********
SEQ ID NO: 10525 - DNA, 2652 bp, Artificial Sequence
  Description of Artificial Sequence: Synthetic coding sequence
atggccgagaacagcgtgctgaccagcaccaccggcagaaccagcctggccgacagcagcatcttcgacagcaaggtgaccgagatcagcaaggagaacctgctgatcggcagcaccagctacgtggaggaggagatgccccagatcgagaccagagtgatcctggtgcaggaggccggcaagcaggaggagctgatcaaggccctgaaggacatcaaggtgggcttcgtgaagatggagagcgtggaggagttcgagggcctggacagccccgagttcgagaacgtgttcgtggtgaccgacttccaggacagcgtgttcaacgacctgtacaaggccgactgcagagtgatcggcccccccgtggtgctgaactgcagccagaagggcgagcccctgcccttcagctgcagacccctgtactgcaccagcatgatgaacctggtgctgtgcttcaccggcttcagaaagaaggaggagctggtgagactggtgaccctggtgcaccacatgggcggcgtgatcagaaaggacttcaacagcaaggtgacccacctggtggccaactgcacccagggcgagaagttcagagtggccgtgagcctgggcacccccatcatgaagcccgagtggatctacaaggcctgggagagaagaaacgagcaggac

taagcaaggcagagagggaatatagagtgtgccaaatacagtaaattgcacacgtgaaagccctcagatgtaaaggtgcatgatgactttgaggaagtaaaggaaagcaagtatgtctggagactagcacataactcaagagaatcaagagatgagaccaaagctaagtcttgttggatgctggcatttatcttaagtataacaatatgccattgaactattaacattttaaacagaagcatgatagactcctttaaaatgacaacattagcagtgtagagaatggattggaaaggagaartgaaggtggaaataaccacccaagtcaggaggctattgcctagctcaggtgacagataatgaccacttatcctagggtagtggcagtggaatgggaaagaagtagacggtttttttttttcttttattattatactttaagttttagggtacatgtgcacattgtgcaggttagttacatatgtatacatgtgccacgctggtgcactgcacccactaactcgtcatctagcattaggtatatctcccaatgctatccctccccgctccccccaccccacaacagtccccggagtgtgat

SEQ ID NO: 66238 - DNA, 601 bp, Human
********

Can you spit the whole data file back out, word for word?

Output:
SEQ ID NO: 10525 - DNA, 2652 bp, Artificial Sequence
  Description of Artificial Sequence: Synthetic coding sequence
atggccgagaacagcgtgctgaccagcaccaccggcagaaccagcctggccgacagcagcatcttcgacagcaaggtgaccgagatcagcaaggagaacctgctgatcggcagcaccagctacgtggaggaggagatgccccagatcgagaccagagtgatcctggtgcaggaggccggcaagcaggaggagctgatcaaggccctgaaggacatcaaggtgggcttcgtgaagatggagagcgtggaggagttcgagggcctggacagccccgagttcgagaacgtgttcgtggtgaccgacttccaggacagcgtgttcaacgacctgtacaaggccgactgcagagtgatcggcccccccgtggtgctgaactgcagccagaagggcgagcccctgcccttcagctgcagacccctgtactgcaccagcatgatgaacctggtgctgtgcttcaccggcttcagaaagaaggaggagctggtgagactggtgaccctggtgcaccacatgggcggcgtgatcagaaaggacttcaacagcaaggtgacccacctggtggccaactgcacccagggcgagaagttcagagtggccgtgagcctgggcacccccatcatgaagcccgagtggatctacaaggcctgggagagaagaaacgagcaggac

taagcaaggcagagagggaatatagagtgtgccaaatacagtaaattgcacacgtgaaagccctcagatgtaaaggtgcatgatgactttgaggaagtaaaggaaagcaagtatgtctggagactagcacataactcaagagaatcaagagatgagaccaaagctaagtcttgttggatgctggcatttatcttaagtataacaatatgccattgaactattaacattttaaacagaagcatgatagactcctttaaaatgacaacattagcagtgtagagaatggattggaaaggagaartgaaggtggaaataaccacccaagtcaggaggctattgcctagctcaggtgacagataatgaccacttatcctagggtagtggcagtggaatgggaaagaagtagacggtttttttttttcttttattattatactttaagttttagggtacatgtgcacattgtgcaggttagttacatatgtatacatgtgccacgctggtgcactgcacccactaactcgtcatctagcattaggtatatctcccaatgctatccctccccgctccccccaccccacaacagtccccggagtgtgat

SEQ ID NO: 66238 - DNA, 601 bp, Human